restricted access Afterword: Minding Animals, Minding Earth–Old Brains in New Bottlenecks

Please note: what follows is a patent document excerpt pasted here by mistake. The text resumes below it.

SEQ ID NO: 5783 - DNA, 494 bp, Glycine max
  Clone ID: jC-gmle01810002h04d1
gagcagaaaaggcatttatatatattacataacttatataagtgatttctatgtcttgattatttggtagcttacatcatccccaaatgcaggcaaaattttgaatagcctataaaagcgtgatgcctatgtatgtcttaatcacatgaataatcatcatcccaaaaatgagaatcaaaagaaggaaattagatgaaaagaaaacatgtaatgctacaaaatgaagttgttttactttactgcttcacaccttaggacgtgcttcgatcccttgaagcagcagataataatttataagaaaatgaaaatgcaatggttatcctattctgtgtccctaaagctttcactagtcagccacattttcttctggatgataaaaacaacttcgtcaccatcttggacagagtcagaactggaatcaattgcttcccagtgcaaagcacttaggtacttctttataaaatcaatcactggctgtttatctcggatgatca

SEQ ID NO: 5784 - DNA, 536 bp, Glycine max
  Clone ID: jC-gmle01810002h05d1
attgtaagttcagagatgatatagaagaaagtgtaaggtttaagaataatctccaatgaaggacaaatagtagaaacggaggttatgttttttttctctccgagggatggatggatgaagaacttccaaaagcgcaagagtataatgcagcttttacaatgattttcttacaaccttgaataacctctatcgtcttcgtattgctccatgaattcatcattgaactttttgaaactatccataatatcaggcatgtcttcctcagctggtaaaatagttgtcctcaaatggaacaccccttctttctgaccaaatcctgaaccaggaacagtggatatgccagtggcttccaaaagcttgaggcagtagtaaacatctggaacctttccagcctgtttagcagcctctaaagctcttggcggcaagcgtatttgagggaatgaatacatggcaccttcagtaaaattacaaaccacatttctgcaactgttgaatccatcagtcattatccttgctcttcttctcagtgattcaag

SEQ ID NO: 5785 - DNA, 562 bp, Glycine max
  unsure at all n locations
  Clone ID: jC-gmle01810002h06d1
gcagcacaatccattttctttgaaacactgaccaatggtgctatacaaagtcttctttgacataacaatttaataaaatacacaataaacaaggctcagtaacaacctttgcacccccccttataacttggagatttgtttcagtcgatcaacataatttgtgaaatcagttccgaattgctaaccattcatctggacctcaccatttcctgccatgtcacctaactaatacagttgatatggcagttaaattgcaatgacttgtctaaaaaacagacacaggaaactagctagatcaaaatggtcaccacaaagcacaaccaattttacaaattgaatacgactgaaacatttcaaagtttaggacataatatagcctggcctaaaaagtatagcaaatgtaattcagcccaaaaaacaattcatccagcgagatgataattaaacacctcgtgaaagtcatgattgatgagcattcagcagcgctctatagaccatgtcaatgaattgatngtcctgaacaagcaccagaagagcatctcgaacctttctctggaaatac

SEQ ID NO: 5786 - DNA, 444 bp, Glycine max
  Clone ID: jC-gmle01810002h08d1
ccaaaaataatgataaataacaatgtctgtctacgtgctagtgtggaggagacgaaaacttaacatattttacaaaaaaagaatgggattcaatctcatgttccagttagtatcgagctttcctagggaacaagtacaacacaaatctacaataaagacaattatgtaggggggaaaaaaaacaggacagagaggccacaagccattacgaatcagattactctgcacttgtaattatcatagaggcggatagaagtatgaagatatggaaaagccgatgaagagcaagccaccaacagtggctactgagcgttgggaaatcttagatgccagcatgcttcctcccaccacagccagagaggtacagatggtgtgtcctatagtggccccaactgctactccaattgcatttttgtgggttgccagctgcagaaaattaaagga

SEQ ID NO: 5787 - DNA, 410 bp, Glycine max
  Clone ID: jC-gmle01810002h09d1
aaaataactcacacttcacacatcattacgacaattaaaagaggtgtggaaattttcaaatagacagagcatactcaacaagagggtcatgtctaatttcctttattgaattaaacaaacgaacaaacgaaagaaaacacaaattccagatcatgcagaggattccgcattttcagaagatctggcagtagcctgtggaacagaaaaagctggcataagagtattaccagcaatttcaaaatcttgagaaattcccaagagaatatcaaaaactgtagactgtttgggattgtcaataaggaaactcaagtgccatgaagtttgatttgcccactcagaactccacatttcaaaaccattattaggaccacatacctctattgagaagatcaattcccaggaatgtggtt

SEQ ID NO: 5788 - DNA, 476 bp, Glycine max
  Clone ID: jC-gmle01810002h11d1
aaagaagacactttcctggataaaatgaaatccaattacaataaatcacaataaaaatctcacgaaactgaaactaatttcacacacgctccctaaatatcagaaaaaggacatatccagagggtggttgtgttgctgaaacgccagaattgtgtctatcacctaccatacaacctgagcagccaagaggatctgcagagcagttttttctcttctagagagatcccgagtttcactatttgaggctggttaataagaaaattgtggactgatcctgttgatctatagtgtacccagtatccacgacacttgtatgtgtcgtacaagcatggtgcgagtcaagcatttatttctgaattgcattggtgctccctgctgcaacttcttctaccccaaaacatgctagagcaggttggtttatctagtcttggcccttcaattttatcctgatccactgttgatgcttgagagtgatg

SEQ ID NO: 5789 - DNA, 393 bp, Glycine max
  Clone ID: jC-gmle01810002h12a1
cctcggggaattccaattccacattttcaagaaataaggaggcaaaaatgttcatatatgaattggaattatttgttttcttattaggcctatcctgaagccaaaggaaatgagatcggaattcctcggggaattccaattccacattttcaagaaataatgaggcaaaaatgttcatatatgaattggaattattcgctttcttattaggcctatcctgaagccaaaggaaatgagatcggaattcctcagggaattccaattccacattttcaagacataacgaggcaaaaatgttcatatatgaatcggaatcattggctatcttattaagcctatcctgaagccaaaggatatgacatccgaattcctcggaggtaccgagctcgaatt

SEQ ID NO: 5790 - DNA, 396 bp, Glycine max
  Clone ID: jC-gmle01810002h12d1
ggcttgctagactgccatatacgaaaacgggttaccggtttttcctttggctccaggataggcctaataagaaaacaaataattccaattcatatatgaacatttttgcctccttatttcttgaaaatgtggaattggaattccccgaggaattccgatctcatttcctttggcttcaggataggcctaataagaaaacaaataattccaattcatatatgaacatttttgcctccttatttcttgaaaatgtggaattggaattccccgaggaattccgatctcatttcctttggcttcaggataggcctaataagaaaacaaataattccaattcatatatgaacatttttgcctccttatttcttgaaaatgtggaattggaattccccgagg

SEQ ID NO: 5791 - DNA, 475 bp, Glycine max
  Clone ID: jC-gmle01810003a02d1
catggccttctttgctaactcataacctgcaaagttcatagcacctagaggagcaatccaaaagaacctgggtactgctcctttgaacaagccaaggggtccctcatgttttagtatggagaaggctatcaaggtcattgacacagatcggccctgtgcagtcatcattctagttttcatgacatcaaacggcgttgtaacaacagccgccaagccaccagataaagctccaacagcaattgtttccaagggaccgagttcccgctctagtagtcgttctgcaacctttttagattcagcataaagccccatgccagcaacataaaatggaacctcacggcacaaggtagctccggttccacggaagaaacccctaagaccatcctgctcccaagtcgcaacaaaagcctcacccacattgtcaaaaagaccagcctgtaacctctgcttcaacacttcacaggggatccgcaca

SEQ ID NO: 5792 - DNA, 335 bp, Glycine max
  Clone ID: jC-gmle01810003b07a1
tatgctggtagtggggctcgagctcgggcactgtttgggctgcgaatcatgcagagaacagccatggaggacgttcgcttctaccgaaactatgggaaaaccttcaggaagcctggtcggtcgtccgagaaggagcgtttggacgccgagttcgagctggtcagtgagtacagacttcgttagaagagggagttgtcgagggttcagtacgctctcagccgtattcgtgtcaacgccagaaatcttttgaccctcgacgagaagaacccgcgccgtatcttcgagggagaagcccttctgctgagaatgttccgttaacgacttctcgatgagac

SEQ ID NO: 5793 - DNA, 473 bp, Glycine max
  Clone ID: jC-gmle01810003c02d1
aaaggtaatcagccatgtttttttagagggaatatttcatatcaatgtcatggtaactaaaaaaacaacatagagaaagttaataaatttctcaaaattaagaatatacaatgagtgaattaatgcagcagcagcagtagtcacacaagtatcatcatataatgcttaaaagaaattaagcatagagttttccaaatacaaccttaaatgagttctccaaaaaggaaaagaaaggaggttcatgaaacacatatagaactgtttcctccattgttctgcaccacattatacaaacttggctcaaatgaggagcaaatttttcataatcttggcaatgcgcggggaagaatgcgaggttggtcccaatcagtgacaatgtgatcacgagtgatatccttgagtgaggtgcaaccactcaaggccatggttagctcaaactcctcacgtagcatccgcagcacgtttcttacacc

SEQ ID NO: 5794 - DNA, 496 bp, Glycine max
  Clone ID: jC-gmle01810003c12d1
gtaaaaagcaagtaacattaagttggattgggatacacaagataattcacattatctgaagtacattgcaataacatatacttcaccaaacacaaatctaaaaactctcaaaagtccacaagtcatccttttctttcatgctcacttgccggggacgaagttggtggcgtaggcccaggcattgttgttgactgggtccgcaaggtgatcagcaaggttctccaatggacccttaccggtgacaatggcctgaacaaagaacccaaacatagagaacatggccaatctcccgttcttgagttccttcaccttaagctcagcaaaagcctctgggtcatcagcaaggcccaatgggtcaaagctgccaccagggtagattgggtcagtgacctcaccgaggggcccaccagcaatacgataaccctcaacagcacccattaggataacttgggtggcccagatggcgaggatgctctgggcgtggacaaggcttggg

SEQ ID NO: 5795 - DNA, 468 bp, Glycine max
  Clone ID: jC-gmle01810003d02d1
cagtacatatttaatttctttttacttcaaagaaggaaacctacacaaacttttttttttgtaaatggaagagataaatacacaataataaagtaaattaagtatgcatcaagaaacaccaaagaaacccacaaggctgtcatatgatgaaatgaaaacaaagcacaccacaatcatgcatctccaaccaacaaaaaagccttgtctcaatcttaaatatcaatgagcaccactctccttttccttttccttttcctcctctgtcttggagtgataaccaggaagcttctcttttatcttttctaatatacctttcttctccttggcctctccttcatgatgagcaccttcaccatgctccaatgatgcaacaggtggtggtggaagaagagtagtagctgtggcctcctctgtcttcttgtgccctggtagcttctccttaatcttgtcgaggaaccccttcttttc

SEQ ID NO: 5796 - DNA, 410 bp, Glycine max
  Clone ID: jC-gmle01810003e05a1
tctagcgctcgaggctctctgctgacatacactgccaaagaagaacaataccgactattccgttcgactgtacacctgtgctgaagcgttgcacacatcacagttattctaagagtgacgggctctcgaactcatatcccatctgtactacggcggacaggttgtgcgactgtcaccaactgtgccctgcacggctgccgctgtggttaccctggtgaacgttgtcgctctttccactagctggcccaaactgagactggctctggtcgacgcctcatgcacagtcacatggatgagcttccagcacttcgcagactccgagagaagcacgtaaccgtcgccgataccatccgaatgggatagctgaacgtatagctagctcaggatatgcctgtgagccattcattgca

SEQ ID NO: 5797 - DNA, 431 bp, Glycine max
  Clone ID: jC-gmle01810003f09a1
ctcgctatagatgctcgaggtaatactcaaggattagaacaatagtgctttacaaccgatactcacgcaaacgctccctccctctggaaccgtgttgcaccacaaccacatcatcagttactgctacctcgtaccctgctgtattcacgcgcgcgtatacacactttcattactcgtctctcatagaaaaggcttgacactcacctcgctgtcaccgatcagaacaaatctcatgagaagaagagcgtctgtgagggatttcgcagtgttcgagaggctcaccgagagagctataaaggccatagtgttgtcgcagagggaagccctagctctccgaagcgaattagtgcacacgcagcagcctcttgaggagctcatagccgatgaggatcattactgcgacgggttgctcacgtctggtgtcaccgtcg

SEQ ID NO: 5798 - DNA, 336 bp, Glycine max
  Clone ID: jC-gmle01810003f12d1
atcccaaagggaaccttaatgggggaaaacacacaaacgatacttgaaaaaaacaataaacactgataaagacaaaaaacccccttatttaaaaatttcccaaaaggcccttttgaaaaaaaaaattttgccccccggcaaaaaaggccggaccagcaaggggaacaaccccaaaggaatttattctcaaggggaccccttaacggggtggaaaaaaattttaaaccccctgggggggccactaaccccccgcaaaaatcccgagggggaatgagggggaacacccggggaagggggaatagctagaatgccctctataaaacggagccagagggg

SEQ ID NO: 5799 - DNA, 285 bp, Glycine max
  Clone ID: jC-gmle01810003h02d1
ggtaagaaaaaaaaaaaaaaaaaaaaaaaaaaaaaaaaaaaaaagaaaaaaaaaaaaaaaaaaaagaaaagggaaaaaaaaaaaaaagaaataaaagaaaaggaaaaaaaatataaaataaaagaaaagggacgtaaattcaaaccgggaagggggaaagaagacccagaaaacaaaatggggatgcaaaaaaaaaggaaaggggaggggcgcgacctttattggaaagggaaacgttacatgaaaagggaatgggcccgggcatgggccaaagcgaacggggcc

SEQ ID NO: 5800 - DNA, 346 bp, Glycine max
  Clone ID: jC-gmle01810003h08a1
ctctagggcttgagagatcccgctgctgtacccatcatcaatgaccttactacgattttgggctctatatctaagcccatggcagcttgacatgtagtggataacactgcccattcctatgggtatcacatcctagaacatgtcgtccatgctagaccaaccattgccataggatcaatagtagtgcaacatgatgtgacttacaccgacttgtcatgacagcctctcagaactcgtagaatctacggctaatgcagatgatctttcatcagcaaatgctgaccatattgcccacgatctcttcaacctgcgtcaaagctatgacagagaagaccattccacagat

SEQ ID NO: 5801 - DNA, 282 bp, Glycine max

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Afterword Minding Animals, Minding Earth: Old Brains in New Bottlenecks PUTTING AN END TO USELESS “US/THEM” DUALISMS Humans are part of nature. We do not stand above or to the side of other beings or natural processes. There is no duality, no “them” and “us.” If we try to separate our reality from that of other nature and Earth, a division results that causes much discontent and discord, for it is so very unnatural. I find it settling—very relaxing—to situate myself in nature and to sense and experience the magic and wonderment of allowing myself to be there. Living with all the contradictions in which we are immersed and with which we are surrounded makes life difficult for all of us. But these challenges are enriching and will make for a better future. We need animals more than ever, because we have become alienated and estranged from other nature. Animals are a way of knowing and feeling and are sources of wisdom. We have allowed this knowledge to be pushed aside and to erode as we consume animals and Earth at unprecedented rates with unanticipated negative consequences. Perhaps if we listen to nature, we will make peace with ourselves and with others, and, as a result, we will make more rapid progress toward a unified community in which trust, happiness, peace, and love prevail over distrust, sadness, unrest, and hate. Sowing seeds for world peace among children is a must, and animals often help us in this venture. Trust is critical, for in the absence of trust we cannot move forward with a strong sense of security and unity. I propose that we must wage peace with abandon and enthusiasm among all human beings, all animal beings, and nature as a whole, for in our tumultuous world many alienated people crave deep and reciprocal interconnections with one another and with other nature. But first we must each be happy and content as individuals and be at peace with ourselves. Animals can help us achieve this peace. Reconnecting with nature can help overcome alienation and loneliness. Not only are the topics I’ve discussed here very big, broad, and deep, they’re also extremely challenging, frustrating, and complicated. Animal Passions and Beastly Virtues is a work in progress—there is still much to learn. So, I invite you to read on and kindly—with compassion and civility—to let me know where you agree and disagree with me. On-going and informed dialogue even, and perhaps especially, among, “warring parties,”is much needed. I find it useful to engage just about anyone who thinks about and cares about what we’re Some of this essay has been excerpted from Bekoff, M. 2003. “Minding Animals, Minding Earth.” Human Ecology Review 10: 56–76, with permission of the journal; and from Bekoff, M. 2002. Minding Animals: Awareness, Emotions, and Heart. Copyright 2002 by Oxford University Press, Inc., New York. Used by permission of Oxford University Press, Inc. doing to our one and only Earth community, as long as they are interested in real dialogue. I find it extremely humbling to realize that no one is exempt from our collective actions. No one, including future generations. We all suffer when other animals and nature suffer. We all suffer when we wound Earth and all of its inhabitants. A little humility will go a long way as we strive “to make things right.” My musings and feelings about our complex and ambiguous interrelationships with other animals have been influenced by a number of wonderful teachers. Of course, my journey is not my journey alone—it is yours too— and I hope that many others will join to make our one and only Earth community a better place for all beings and for all landscapes. Since I was a youngster, I’ve pondered the nature of animals’ minds and our responsibilities to care for other animals. By stepping lightly into the lives of other animals, we humans can enjoy their company without making them pay for our interest. We need to honor other animals for who they are in their worlds, not for what they are in our own—often narrow—minds. Our curiosity about other animals need not harm them. That many others also recognize that humans and nature are indistinct is reflected in the rapid growth of the field of anthrozoology and the increasing interest in the nature of human-animal interactions. It is my hope that this interdisciplinary attention to...


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